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The U.S. economy's job-creation engine revved up in April, defying expectations that government budget cuts and a cold start to spring in much of the nation conspired to slow hiring.
The Labor Department reported Friday that non-farm payrolls rose by 165,000 last month, while the unemployment rate edged a bit lower to 7.5 percent.
The report also substantially boosted the number of new jobs created in the prior two months. March's payrolls were raised to 138,000, some 50,000 more jobs than previously reported, and February's job count was revised upward to 332,000, the largest since May 2010.
Economists had been expecting job creation of about 145,000 to 150,000, although that forecast had become increasingly dampened over the week as more data showed the economy cooling this quarter.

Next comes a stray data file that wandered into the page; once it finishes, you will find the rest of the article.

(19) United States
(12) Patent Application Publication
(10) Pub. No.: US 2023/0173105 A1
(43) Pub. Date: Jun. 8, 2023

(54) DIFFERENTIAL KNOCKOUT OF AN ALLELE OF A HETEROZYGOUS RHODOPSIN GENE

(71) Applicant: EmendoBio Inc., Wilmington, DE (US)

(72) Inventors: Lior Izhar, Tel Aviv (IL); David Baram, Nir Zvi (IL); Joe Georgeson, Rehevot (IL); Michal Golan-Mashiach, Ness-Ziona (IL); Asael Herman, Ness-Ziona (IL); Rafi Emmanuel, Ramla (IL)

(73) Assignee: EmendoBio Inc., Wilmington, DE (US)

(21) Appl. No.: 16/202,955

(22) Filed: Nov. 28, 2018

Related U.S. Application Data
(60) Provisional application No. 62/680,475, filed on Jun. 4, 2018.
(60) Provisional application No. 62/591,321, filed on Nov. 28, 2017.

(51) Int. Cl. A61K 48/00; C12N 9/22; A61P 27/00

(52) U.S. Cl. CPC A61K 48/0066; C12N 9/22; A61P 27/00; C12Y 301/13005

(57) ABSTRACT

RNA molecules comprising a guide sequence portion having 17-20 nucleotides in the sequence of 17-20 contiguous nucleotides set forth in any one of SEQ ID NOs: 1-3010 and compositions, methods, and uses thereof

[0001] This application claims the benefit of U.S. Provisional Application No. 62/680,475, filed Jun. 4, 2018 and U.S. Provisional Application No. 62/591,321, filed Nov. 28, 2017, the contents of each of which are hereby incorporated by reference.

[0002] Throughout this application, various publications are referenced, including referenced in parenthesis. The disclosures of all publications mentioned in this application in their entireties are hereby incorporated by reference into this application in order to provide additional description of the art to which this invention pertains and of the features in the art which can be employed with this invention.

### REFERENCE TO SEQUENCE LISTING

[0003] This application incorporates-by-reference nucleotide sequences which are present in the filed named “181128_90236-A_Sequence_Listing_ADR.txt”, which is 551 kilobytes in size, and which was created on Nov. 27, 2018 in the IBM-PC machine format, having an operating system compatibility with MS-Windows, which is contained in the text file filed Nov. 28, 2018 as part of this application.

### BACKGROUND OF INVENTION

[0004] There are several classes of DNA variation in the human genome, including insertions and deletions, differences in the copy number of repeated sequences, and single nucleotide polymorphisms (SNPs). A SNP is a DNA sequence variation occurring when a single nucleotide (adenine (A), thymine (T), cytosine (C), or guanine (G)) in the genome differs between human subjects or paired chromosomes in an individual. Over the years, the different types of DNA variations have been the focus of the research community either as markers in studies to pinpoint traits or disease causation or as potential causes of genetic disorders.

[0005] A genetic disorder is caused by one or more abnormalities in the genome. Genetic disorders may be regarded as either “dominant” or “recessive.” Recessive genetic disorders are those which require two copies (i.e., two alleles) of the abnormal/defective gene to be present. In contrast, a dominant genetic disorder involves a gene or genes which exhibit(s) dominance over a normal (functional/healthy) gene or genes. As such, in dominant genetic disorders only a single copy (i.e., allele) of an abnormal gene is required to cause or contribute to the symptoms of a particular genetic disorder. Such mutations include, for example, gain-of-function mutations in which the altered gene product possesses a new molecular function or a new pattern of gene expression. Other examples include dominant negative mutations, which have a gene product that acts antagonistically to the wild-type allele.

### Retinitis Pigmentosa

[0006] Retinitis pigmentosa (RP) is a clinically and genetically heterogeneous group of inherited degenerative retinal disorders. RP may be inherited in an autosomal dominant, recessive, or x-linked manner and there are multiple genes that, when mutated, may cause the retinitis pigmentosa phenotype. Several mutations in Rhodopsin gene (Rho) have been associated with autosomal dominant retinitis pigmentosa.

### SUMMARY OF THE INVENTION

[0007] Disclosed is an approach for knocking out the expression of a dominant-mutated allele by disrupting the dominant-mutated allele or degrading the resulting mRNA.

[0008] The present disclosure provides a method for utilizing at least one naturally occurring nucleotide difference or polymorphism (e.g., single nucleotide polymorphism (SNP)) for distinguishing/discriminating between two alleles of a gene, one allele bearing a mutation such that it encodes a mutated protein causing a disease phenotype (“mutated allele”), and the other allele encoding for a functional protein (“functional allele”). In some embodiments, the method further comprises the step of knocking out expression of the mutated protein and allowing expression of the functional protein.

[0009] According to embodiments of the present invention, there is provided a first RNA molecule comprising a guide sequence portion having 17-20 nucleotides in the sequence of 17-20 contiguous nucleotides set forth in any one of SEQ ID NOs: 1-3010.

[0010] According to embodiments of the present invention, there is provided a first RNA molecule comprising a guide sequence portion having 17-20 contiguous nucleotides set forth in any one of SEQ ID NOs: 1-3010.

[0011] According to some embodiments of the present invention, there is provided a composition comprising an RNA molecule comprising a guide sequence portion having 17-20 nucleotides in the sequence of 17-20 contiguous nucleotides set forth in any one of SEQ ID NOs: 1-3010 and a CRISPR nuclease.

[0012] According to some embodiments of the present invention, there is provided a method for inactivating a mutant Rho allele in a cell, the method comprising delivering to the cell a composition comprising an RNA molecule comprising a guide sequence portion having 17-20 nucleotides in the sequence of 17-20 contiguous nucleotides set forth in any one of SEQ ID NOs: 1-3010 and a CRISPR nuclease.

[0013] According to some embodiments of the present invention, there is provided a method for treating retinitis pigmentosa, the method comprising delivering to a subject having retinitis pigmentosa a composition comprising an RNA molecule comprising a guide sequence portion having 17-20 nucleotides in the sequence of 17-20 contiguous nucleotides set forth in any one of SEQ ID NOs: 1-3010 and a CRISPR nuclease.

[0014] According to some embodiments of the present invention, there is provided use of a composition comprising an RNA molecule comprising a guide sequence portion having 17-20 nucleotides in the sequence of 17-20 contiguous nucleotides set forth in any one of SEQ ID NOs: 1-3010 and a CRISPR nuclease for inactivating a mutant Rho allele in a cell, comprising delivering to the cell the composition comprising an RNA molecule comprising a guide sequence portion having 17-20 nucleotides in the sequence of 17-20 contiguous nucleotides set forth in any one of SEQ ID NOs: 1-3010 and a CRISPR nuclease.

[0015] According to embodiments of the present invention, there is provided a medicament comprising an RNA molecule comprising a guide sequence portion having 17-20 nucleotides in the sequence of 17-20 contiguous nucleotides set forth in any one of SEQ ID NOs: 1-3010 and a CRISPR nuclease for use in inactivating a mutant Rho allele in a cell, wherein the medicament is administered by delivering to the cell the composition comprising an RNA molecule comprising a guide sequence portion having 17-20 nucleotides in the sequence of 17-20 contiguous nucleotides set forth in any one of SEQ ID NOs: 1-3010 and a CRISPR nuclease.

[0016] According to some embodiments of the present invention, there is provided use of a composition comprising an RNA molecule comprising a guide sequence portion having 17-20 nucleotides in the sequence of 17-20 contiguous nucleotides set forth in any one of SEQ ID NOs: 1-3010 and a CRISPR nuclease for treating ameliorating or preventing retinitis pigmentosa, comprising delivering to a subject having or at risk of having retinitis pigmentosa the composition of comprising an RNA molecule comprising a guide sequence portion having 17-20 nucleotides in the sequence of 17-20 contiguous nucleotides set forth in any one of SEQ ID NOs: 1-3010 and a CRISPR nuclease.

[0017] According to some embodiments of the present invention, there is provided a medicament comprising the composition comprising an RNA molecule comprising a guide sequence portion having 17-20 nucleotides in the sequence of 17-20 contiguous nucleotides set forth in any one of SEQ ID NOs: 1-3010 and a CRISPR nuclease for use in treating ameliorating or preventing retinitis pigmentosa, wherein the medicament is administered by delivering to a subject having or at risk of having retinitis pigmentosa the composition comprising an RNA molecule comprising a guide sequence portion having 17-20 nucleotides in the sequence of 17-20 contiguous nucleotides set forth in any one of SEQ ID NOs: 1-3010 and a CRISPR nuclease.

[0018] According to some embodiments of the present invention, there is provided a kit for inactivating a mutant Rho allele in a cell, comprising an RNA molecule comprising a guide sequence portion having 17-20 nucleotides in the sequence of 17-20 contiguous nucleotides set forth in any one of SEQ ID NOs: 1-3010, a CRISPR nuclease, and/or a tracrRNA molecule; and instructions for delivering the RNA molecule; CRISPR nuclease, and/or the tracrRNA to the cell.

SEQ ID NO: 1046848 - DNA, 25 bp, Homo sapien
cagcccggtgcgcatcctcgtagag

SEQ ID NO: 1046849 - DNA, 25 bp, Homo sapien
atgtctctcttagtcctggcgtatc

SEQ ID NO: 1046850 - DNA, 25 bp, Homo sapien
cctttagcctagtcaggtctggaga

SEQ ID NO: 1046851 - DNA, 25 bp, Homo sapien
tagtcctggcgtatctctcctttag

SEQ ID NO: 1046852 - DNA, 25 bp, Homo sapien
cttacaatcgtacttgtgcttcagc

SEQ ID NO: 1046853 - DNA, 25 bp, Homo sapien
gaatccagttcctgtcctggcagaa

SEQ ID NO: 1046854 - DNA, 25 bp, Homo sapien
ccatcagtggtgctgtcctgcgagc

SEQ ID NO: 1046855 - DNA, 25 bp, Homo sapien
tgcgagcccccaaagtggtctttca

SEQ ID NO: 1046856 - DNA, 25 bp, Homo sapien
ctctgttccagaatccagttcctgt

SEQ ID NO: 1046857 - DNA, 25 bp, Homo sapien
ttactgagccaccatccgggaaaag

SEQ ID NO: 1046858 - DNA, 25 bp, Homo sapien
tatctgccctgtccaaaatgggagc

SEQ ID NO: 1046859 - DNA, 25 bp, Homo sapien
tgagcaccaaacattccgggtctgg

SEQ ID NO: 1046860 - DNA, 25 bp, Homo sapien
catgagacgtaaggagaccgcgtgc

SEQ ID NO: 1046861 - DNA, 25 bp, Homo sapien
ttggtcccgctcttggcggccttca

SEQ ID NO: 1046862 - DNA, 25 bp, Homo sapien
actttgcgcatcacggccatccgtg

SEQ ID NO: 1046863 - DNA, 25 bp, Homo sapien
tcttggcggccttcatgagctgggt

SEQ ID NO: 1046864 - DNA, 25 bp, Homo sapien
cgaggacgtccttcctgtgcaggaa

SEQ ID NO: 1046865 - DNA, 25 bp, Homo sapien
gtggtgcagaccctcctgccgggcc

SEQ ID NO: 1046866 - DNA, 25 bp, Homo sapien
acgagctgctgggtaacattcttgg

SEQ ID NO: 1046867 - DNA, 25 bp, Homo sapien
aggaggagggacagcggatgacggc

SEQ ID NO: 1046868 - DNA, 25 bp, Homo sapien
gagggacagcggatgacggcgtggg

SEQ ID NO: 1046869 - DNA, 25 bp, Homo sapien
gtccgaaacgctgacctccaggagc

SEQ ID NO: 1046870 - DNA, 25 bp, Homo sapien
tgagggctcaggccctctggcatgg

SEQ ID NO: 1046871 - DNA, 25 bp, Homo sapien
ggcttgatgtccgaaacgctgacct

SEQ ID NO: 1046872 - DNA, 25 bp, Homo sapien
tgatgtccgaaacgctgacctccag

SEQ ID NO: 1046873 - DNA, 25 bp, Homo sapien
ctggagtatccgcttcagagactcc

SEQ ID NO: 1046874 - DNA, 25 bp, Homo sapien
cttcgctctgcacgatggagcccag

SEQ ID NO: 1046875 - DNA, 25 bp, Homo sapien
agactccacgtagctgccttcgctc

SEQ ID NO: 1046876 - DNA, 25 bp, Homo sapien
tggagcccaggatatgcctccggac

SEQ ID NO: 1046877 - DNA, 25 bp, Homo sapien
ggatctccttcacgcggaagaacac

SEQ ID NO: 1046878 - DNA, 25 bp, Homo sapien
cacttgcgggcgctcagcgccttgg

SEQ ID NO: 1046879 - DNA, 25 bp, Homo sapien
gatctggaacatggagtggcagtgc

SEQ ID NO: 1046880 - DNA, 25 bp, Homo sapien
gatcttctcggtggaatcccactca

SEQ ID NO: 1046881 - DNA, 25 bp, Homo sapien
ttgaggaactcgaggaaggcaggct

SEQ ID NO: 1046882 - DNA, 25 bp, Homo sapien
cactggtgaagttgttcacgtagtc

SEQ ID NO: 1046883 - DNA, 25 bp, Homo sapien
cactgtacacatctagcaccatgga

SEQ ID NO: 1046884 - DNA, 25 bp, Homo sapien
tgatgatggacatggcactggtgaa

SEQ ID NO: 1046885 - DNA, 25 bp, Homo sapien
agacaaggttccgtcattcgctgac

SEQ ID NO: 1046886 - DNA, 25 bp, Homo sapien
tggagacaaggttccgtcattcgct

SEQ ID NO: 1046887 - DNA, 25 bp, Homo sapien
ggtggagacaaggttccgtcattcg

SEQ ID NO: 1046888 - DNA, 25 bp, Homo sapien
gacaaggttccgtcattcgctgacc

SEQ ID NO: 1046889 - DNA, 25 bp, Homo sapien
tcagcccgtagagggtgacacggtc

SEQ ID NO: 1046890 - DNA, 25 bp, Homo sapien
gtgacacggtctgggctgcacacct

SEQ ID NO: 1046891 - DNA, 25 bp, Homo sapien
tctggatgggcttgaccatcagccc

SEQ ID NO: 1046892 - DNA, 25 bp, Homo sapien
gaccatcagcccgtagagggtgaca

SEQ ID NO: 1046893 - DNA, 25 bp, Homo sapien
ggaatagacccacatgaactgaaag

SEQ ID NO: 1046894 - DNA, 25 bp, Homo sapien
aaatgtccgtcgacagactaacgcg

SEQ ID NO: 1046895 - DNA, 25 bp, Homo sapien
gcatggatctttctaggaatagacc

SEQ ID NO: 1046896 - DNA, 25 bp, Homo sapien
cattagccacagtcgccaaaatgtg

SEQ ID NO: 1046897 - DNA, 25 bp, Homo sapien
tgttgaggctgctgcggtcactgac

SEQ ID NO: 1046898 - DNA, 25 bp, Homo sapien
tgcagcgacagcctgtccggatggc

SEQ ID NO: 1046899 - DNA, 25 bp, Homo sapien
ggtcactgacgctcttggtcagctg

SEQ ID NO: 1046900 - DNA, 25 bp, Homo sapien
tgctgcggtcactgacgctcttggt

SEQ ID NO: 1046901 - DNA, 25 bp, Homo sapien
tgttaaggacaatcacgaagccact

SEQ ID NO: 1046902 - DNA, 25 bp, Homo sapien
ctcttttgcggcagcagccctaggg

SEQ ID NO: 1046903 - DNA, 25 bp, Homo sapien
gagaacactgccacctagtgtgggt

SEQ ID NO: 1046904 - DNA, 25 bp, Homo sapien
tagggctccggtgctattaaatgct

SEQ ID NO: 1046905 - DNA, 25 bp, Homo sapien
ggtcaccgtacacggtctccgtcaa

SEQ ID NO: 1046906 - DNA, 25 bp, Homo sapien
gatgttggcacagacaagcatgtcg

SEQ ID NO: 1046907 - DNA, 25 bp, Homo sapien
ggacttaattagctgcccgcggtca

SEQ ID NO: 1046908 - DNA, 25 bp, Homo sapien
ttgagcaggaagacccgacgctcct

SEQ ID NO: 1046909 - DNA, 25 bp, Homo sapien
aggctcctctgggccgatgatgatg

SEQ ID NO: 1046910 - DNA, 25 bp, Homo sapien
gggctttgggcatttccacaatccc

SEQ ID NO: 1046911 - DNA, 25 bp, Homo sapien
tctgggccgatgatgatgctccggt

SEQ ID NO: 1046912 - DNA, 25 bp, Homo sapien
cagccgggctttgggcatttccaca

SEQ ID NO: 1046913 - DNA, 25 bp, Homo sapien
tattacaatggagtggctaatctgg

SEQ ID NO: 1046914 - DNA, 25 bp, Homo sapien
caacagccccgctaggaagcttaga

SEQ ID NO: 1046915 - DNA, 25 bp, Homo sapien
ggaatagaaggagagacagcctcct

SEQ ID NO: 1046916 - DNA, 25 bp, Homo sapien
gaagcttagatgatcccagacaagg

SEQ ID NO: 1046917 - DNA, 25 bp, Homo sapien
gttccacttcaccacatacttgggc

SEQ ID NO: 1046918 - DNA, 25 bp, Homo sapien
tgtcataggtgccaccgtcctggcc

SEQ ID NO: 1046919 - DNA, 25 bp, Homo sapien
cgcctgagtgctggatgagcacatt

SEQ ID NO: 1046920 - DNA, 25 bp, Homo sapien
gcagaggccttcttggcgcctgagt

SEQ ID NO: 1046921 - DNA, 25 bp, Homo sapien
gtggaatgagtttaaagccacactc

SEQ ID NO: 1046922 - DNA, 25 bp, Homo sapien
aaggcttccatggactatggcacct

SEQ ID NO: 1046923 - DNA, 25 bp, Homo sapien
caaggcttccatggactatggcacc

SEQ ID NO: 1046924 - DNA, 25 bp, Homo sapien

A report earlier in the week on private sector hiring showed businesses adding a lower-than-expected 119,000 jobs in April. A separate report showed the manufacturing sector, which has helped stoke the recovery's engine, expanded only modestly last month.
The employment report, which many look to as one of the economy's critical gauges, was released as scheduled Friday morning despite a fire overnight at the Labor Department that shut the building down for most employees.